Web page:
The trade rumors won't go away until Jeff Samardzija is, in fact, traded. But in case there were any worries about Samardzija's trade stock plummeting from one bad outing, the Cubs ace put those to rest on Saturday.
Samardzija fired seven innings of two-run ball against a surprisingly good Miami side, scattering five hits with one walk and eight strikeouts in the Cubs' 5-2 win over the Marlins at Wrigley Field.
Five days ago, Milwaukee lit up Samardzija for eight runs in just three innings in a "trap game," as the right-hander put it. Coming off his first win of the season, Samardzija didn't have his best stuff and was subsequently bludgeoned by the first-place Brewers.
"With the way I've been throwing all year it was easy for me just to put that aside and count it as a wash," Samardzija said. "It felt good to go out there today and do my job, especially after times like that. The most important thing is to bounce back and show that hey, those things happen but it's not who you are."
Samardzija doubled his comically low win total thanks to a pair of solo home runs by Junior Lake and a two-run shot by Emiliio Bonifacio, his first home run of the season. Bonifacio's home run was preceded by a Samardzija single, with the pitcher pulling a grounder past third baseman Casey McGehee into left.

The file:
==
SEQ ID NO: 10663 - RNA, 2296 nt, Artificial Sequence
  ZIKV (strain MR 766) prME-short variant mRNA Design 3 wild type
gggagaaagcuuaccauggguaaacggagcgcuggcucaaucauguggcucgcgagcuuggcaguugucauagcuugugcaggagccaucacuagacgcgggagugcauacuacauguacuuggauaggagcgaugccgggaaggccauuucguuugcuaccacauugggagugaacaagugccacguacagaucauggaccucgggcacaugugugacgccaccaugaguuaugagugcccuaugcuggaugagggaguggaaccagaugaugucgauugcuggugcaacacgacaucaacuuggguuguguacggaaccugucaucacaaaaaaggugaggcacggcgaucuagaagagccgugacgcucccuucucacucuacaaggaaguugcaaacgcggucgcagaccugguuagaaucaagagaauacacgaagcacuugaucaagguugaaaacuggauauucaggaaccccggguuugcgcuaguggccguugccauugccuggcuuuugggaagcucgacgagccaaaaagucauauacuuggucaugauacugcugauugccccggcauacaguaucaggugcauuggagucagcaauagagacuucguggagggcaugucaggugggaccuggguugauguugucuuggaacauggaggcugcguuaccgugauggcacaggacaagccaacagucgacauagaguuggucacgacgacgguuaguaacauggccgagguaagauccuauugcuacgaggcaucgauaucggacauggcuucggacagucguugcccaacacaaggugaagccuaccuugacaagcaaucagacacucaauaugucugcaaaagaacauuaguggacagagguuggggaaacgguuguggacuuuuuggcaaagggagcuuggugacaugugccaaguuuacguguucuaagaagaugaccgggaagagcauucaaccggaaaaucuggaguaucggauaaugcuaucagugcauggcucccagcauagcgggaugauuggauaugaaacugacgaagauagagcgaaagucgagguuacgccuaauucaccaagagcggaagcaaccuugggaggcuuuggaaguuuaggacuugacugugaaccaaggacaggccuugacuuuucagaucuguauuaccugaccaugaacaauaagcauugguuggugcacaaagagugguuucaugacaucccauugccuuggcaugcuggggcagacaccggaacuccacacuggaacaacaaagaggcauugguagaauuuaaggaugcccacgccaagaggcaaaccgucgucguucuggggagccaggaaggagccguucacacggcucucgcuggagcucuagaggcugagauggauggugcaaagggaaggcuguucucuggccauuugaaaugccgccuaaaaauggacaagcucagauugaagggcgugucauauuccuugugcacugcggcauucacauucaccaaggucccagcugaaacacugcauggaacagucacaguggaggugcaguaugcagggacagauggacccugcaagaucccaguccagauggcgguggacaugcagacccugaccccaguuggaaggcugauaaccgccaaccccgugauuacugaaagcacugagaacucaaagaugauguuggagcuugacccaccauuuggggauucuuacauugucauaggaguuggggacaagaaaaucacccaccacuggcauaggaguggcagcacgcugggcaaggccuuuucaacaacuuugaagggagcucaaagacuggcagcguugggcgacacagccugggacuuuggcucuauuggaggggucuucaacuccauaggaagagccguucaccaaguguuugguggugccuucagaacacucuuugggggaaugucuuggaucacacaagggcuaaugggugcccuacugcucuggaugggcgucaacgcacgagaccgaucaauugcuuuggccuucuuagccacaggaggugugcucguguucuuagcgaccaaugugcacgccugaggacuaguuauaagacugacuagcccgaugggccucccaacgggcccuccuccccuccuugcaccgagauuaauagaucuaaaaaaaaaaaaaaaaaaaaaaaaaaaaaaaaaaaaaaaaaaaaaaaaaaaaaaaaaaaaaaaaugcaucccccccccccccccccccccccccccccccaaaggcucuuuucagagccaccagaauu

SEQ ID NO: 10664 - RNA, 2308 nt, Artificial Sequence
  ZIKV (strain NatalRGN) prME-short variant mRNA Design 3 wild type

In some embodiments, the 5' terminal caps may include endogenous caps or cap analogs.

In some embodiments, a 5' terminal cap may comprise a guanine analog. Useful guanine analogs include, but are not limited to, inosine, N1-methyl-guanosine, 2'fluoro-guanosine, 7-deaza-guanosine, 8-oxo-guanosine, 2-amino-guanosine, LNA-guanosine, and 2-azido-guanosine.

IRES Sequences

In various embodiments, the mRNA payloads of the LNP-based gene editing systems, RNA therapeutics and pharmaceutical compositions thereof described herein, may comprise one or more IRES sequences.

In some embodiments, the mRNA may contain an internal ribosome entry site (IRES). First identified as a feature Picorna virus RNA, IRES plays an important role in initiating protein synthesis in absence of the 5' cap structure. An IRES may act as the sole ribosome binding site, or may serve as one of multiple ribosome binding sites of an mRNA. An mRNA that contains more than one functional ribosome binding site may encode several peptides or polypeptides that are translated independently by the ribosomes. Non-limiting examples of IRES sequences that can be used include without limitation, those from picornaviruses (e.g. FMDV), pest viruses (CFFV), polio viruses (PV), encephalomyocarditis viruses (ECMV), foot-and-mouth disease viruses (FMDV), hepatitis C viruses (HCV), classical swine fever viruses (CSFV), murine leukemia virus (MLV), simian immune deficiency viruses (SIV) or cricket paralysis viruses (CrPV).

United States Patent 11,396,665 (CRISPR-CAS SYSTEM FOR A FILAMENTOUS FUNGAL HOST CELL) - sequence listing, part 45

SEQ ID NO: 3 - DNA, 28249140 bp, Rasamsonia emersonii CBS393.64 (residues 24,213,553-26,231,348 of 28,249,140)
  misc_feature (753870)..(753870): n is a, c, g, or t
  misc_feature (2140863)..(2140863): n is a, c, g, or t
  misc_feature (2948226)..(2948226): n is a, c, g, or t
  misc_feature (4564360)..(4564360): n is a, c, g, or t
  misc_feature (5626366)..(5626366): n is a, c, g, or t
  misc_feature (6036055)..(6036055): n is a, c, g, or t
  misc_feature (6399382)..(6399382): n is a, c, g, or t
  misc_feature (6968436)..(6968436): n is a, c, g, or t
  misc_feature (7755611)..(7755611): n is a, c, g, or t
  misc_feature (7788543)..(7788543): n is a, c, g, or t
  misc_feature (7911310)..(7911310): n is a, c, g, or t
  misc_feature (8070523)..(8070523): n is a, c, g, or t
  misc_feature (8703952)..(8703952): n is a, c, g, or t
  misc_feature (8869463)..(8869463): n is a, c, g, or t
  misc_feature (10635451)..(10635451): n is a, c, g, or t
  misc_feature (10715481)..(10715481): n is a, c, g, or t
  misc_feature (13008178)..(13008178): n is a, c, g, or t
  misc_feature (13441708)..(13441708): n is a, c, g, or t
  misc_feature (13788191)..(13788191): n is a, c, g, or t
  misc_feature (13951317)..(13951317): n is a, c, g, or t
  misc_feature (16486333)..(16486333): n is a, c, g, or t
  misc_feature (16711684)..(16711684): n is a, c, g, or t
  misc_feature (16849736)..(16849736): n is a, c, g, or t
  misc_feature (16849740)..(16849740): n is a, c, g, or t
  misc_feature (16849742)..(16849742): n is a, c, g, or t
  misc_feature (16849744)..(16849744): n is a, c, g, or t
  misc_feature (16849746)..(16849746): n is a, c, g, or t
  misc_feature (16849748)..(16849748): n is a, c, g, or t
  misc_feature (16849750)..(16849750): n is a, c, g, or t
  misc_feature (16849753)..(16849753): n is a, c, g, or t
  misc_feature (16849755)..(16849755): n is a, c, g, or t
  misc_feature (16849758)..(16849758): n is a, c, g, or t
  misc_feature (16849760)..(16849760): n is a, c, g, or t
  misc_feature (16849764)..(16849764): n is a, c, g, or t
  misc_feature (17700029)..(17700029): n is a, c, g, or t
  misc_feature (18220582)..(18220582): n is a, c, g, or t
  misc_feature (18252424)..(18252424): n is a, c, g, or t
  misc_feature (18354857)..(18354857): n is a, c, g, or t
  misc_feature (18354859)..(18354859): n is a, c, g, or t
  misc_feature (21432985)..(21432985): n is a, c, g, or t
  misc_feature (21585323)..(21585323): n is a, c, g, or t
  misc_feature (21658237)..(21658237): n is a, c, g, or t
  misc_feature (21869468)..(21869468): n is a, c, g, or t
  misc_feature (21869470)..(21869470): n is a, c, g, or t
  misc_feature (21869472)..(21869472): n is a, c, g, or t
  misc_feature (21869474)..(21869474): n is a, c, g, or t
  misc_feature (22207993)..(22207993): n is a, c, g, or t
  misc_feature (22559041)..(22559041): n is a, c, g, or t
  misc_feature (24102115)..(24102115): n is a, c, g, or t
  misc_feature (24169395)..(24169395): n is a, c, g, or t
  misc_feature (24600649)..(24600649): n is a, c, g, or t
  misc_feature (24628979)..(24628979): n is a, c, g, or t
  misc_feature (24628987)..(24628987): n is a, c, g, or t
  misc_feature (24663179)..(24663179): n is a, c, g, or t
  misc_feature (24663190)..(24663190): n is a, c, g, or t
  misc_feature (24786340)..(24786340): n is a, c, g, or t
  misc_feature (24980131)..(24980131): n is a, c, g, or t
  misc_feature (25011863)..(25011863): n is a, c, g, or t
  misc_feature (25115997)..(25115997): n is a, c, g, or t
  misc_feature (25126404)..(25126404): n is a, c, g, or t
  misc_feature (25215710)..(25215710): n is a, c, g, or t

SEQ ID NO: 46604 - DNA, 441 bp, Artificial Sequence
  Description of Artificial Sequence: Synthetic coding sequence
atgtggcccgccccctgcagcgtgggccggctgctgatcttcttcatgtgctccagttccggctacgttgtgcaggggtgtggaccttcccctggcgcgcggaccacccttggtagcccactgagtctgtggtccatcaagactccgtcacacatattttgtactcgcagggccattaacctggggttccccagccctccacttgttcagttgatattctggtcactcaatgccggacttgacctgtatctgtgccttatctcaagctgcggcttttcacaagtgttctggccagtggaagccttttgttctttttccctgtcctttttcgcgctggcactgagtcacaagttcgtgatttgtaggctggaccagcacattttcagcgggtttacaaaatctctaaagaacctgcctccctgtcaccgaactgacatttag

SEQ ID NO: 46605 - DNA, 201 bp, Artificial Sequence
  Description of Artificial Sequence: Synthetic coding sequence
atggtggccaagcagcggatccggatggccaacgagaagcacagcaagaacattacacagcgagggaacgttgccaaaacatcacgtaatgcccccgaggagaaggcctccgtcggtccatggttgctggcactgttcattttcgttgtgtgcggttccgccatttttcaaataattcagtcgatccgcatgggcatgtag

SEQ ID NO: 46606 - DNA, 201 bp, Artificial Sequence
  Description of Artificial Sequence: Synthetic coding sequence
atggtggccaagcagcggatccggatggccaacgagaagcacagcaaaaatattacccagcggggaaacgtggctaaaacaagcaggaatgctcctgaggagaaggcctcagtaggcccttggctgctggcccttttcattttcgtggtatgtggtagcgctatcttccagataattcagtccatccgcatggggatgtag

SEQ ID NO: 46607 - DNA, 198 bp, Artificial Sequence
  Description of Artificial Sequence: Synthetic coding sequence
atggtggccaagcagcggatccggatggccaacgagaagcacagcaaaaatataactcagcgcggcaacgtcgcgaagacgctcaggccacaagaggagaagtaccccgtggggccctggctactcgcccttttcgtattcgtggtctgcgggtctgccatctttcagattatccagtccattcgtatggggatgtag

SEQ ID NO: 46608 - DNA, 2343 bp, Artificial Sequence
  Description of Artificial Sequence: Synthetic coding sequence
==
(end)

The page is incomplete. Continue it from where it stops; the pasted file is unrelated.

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Prior to Saturday's games, seven National League clubs and nine American League clubs were within three games of a Wild Card spot. Add in six division leaders, and that's 22 clubs that are in the thick of the playoff hunt in early June.
Eventually, the contenders will separate themselves and the playoff race will be whittled down — we're barely two months in the season, after all. But the sweet spot for trading Samardzija will arrive quickly.
Cubs manager Rick Renteria, though, hasn't seen his ace be distracted by the rumors and doesn't expect that to be the case as the trade deadline approaches.
"I think he handles it well," Renteria said. "I think he takes a step back, he deals with it, probably talks about it — I don't know how dismissive he is of it or not — but I know when he takes the hill he's only thinking about pitching."
Few, if any, major league starters can pitch 33 games without running into a bad outing or two. Eight-run starts like the one Samardzija had on Monday will happen — even Pedro Martinez allowed six runs in a start in 2000, a year in which he had a 1.74 ERA — but the key is proving those are anomalies, not harbingers of doom.
Samardzija showed that on Saturday, and contending teams across baseball surely took notice.
"The best thing as a starting pitcher you can have is consistency, that every time you go out there your coach and teammates know what you're going to give them," Samardzija said. "And that's all you can ask for, and that's all I want to do is every time I toe the rubber our team has a really good chance to win the game as long as you do your job."